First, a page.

Example #5. Again, the same except Tony’s letter also states,“I must have your acceptance in hand by next Friday.” Mom puts the acceptance in the mail on Monday, but the Postal Service loses the letter and Tony never receives it.It would seem that Mom has not accepted the offer of Tony for the High Peaks Camp here because Tony specified that he had to receive the acceptance. The same would be true if Mom’s letter eventually arrived but after the Friday deadline.
Farnsworth states the mailbox rule has no application to instantaneous means of communication, suchas an acceptance sent by telephone, private messenger, facsimile, e-mail or other electronic transmission.However, other scholars disagree and apply the mailbox rule to electronic forms of communications as it would be disruptive to have a different rule for electronic versus paper communications. Let’s look at an example.
Example #6. Presume Tony’s letter still states, “I must have your acceptance in hand by next Friday.” Momemails Tony on that evening saying “Leeland is so excited, he’ll be there! I will mail the check.” Mom mails the $1500 payment, which she places in a postal service mailbox on Thursday. Tony receives the check for Leeland’s camp on Saturday. It would seem that Mom has accepted the offer of Tony for the High Peaks Camp where she sent the response by email the same day. The mailbox rule would make the acceptance effective when she sent the email the same day, forming the contract then. The mailing of the check by Mom later in the week would be part of the performance under the contract which was formed the prior weekend. Here,Tony contracted around the mailbox rule by saying he needed the acceptance in hand, but Mom’s email acceptance is timely.
Before moving on, just a note that the mailbox rule does not apply to option contracts. This is because option contracts are typically subject to a specific time limit. As such, the understanding between the parties is that exercise of an option must be had by actual receipt by the offeror before the time period of the option expires.
Let’s turn to rejections. A rejection by the offeree is only effective upon receipt, while an acceptance is effective upon dispatch. Meaning, if an offeree sends both a rejection and an acceptance, whether there is a contract will depend upon which arrives first. If the acceptance arrives first, there’s a contract. If the rejection arrives first the offeror might: (i) rely upon it, such that there is no contract; or (ii) treat the later arriving acceptanceas a counteroffer and accept it to form a contract. Let’s look at an example.
Example #7. The same as earlier except that Mom is thinking Leeland will want to go to tennis camp in the summer so on Saturday she puts into the mail a note to Tony saying, “No thanks, Leeland does not want to go to High Peaks Camp.” After talking to Leeland,though, Mom emails Tony accepting the camp offer on Sunday, which Tony receives on Sunday. Mom’s rejection is not received by Tony until Wednesday. Here, there’s a contract because Mom’s acceptance is made by email to Tony on Sunday and there had been no restriction on the method of acceptance. The rejection here was not received by Tony until after the acceptance, so the later received rejection has no effect in this case.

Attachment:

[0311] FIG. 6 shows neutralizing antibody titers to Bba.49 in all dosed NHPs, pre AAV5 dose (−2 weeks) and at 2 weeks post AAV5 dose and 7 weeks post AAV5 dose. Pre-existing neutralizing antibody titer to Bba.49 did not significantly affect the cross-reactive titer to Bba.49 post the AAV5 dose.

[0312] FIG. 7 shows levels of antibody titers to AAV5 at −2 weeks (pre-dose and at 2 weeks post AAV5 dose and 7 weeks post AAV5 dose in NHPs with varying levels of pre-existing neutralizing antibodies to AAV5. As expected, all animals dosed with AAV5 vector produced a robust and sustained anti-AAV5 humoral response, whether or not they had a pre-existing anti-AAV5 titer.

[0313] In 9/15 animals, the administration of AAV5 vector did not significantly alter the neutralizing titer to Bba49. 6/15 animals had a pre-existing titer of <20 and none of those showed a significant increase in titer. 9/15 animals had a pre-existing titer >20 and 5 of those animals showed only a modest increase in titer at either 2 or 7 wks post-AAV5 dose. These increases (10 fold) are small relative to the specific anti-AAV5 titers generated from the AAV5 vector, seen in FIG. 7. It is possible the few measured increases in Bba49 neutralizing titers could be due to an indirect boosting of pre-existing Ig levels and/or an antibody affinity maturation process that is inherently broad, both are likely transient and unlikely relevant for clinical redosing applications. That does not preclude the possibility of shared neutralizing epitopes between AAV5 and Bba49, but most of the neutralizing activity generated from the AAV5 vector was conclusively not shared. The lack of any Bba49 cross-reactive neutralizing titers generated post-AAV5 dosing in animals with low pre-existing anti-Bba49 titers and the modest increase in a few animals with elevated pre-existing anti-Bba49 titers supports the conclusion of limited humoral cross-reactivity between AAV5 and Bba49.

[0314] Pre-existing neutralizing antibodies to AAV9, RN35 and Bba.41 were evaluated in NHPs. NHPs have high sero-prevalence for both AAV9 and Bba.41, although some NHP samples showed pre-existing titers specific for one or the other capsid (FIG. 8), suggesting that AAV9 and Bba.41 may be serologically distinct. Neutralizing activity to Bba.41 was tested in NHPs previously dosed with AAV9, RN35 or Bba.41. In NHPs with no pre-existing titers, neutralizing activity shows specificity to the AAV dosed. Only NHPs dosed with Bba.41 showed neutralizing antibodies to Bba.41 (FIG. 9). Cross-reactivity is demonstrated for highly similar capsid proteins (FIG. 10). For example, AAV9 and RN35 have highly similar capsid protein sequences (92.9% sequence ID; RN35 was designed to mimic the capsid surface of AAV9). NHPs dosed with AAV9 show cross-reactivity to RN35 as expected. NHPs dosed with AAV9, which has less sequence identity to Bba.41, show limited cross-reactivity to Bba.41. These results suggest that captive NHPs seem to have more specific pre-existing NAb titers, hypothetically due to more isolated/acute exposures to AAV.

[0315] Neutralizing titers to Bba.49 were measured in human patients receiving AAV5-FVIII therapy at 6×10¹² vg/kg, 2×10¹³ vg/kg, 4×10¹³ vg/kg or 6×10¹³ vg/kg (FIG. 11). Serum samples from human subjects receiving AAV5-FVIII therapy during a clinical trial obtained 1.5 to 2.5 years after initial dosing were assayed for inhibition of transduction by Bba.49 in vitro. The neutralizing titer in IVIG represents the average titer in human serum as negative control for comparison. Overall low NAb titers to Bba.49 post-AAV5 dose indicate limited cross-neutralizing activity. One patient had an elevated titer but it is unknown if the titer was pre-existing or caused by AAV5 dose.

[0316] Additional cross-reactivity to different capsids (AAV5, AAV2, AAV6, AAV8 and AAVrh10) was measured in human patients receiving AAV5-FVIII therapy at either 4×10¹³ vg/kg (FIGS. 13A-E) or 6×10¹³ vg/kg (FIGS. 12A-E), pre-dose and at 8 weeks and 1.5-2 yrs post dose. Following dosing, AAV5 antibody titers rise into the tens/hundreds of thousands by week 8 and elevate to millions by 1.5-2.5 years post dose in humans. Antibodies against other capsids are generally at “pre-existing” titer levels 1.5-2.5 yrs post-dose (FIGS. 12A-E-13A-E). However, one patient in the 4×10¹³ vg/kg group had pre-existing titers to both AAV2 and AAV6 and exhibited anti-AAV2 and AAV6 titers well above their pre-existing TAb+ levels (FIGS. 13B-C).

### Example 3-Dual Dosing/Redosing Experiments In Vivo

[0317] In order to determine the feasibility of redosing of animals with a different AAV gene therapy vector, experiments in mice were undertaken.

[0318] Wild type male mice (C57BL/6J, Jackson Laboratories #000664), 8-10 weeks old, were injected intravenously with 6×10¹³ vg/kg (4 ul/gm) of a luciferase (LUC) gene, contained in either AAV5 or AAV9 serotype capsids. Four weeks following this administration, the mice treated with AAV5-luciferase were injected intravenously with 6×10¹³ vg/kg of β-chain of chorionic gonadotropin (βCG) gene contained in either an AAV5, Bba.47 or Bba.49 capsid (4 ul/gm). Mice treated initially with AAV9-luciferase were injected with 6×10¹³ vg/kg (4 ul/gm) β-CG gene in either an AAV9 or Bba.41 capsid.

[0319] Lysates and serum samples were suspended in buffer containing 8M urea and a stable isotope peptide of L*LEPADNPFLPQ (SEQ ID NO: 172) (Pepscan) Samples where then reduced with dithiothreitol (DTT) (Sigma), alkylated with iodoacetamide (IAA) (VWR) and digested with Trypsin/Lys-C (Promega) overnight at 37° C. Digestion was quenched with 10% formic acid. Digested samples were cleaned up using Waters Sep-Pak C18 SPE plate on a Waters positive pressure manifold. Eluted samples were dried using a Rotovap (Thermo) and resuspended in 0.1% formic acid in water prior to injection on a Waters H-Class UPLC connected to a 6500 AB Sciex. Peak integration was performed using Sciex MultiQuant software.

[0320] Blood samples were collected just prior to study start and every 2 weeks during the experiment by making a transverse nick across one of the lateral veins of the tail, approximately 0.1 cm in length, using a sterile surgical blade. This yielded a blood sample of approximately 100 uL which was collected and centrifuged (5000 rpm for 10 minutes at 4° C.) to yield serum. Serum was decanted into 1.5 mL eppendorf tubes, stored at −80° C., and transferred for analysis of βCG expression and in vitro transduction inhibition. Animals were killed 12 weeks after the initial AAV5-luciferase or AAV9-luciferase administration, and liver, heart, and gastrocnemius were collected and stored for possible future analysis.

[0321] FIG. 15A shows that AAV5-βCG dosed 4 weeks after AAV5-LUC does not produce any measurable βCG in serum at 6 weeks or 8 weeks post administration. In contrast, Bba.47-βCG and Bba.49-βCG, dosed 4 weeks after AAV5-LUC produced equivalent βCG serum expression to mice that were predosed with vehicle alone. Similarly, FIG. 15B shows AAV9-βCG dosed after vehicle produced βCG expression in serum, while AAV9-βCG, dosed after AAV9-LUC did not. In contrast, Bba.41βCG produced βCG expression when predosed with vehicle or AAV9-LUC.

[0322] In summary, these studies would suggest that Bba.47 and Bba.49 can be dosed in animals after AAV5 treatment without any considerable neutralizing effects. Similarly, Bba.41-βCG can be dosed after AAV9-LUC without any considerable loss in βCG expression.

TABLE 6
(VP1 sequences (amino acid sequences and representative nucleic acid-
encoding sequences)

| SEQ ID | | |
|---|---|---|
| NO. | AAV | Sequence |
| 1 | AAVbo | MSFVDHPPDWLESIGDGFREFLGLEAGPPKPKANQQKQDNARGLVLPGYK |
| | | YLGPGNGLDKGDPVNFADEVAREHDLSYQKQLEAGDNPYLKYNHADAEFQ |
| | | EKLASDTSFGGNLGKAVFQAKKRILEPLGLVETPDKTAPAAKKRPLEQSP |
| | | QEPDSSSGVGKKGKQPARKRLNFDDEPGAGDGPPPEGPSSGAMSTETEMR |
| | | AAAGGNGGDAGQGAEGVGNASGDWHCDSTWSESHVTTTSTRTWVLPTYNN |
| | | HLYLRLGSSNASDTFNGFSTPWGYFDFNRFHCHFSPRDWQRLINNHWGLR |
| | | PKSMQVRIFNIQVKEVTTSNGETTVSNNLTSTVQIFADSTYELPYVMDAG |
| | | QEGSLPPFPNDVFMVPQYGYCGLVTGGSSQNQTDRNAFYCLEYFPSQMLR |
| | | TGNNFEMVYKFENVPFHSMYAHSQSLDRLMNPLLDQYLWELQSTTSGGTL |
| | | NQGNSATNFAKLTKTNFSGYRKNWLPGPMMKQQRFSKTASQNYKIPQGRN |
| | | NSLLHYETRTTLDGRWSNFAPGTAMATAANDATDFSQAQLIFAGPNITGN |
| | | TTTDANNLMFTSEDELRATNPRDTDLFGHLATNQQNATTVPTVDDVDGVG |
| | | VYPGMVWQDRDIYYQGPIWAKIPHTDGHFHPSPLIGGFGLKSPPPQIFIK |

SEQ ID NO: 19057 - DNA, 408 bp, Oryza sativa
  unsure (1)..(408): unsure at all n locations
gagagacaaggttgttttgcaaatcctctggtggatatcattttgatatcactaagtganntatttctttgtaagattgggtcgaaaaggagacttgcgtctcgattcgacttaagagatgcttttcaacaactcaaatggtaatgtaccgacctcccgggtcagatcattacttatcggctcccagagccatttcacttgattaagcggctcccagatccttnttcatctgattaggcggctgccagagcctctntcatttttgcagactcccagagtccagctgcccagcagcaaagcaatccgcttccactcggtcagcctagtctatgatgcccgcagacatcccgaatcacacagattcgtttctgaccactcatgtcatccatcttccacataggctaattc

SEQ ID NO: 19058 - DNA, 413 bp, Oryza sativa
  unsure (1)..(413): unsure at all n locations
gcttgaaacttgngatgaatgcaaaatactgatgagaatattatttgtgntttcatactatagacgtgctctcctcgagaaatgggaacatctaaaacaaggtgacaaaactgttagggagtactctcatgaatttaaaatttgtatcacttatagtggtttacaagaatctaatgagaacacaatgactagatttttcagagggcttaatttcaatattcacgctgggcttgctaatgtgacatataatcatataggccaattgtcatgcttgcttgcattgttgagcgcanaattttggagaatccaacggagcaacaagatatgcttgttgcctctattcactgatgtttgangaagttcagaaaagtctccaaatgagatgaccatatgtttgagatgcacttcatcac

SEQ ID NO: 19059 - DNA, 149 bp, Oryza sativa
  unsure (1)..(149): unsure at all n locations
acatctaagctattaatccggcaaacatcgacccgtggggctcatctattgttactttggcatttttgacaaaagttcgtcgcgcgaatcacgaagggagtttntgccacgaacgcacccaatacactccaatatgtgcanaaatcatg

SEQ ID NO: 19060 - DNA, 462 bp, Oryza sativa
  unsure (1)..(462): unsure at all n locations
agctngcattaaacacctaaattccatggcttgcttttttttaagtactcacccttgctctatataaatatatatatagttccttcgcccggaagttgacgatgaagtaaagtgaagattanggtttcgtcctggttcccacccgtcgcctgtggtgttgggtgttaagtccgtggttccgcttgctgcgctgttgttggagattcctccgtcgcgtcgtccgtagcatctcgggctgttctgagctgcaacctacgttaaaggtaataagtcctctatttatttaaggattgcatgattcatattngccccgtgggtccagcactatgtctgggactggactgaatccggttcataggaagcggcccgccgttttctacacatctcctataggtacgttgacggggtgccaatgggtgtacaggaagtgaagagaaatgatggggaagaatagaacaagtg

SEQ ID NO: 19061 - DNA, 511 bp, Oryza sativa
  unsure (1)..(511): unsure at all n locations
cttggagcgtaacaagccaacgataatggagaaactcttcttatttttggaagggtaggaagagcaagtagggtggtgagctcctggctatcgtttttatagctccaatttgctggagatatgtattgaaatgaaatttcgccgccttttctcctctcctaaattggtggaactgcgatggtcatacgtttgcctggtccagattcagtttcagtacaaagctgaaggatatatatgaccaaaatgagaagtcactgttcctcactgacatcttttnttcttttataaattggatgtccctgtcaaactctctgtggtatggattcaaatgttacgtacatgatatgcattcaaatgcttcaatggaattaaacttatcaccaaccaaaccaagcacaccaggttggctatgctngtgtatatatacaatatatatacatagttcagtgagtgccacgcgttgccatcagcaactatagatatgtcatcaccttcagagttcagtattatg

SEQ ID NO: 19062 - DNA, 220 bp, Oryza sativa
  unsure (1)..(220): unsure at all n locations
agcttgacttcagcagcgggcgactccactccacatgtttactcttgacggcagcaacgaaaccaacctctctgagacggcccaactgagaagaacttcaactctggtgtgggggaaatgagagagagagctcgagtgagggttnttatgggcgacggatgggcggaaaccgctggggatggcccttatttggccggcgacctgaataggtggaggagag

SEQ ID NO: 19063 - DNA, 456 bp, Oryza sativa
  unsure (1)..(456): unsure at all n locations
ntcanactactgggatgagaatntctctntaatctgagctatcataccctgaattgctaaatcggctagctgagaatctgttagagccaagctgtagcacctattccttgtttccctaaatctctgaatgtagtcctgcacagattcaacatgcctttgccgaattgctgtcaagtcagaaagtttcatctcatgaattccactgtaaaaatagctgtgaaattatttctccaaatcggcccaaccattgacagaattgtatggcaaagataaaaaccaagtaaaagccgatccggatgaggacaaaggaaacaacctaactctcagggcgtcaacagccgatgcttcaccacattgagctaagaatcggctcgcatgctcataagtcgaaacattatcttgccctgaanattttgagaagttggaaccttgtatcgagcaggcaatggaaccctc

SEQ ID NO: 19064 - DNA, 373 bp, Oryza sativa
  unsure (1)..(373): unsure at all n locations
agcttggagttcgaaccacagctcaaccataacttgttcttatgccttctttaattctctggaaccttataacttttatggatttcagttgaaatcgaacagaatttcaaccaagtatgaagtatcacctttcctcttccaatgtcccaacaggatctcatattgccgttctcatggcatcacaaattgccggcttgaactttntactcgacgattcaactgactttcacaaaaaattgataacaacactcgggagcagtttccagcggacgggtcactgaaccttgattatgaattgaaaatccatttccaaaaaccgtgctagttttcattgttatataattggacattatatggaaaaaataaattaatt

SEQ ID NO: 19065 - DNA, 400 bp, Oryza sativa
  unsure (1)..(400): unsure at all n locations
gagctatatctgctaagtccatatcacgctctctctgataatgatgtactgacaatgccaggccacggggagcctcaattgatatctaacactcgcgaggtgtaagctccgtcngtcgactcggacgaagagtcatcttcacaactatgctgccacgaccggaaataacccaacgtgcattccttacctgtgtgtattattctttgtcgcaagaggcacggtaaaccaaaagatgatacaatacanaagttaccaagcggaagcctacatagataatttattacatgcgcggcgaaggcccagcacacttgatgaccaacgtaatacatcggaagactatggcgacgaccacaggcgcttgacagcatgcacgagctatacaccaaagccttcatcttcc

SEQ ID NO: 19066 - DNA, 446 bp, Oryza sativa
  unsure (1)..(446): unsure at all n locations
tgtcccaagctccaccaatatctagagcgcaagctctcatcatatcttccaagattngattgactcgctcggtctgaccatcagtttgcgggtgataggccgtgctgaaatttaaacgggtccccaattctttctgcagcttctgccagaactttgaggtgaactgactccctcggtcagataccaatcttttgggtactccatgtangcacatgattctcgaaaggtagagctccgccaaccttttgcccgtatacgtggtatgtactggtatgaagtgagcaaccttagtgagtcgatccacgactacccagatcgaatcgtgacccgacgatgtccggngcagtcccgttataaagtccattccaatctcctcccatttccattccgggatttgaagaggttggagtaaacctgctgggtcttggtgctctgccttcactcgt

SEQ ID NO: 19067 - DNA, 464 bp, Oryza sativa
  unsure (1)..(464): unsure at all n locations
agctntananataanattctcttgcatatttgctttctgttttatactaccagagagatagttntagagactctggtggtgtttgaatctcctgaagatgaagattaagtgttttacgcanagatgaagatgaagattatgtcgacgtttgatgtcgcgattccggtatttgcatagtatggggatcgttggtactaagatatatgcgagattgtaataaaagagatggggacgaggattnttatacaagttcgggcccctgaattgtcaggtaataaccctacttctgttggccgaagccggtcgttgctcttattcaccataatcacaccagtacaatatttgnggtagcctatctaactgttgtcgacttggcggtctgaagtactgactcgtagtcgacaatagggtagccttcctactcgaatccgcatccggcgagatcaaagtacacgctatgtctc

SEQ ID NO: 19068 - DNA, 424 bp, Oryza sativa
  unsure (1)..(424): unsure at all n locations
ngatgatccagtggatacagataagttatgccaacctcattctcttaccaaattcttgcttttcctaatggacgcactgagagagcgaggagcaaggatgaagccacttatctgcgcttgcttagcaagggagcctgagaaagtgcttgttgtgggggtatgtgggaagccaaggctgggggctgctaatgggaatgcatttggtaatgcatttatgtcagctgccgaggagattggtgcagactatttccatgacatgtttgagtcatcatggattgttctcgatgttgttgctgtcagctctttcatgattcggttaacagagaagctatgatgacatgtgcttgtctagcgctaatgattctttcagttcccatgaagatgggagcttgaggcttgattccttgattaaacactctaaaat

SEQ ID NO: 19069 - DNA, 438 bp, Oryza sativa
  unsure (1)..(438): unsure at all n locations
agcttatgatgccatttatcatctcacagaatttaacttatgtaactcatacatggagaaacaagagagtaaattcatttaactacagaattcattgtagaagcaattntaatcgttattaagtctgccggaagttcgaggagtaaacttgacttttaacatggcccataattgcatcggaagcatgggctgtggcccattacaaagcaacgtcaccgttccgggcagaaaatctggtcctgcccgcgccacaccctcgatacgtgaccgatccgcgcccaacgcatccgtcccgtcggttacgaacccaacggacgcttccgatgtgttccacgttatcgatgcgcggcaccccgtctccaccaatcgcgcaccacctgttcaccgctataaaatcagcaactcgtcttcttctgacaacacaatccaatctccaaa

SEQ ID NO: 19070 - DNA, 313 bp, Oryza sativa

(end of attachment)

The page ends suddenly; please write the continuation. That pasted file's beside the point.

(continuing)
Before concluding, let’s turn to revocations of offers. We've seen that an acceptance is effective to create a contract when placed in the mail. This results in the offeree being able to rely on the formation of a contract and proceed. However, if the offeror has not yet received the acceptance in the mail, the offeror might send a letter to the offeree revoking the offer. Any such attempted revocation, though, must be received by the offeree prior to acceptance in order to be effective. If the offeree has already accepted, then the attempted revocation is too late, as a contract has already been formed. Let’s look at an example.
Example #8. The same as earlier except that Mom mails the acceptance to Tony for the camp offer on Monday, which is received by Tony on Wednesday. In the meantime, Tony’s concerned that he has too many campers and mails a revocation of the camp offer to Mom on Tuesday, which she receives on Thursday.Mom’s acceptance is still effective upon dispatch, meaning the contract is formed on Monday. Because revocations of offers are only effective upon receipt, Tony’s attempted revocation is simply too late.
At this point, you should be able to explainand apply the mailbox rule, in particular: (i) acceptances are effective upon dispatch and (ii) rejections and revocations of offers are effective upon receipt. You should be able to apply the rule also in the cases of multiple or overlapping communications.
I hope you’ve enjoyed this podcast on the Mailbox Rule.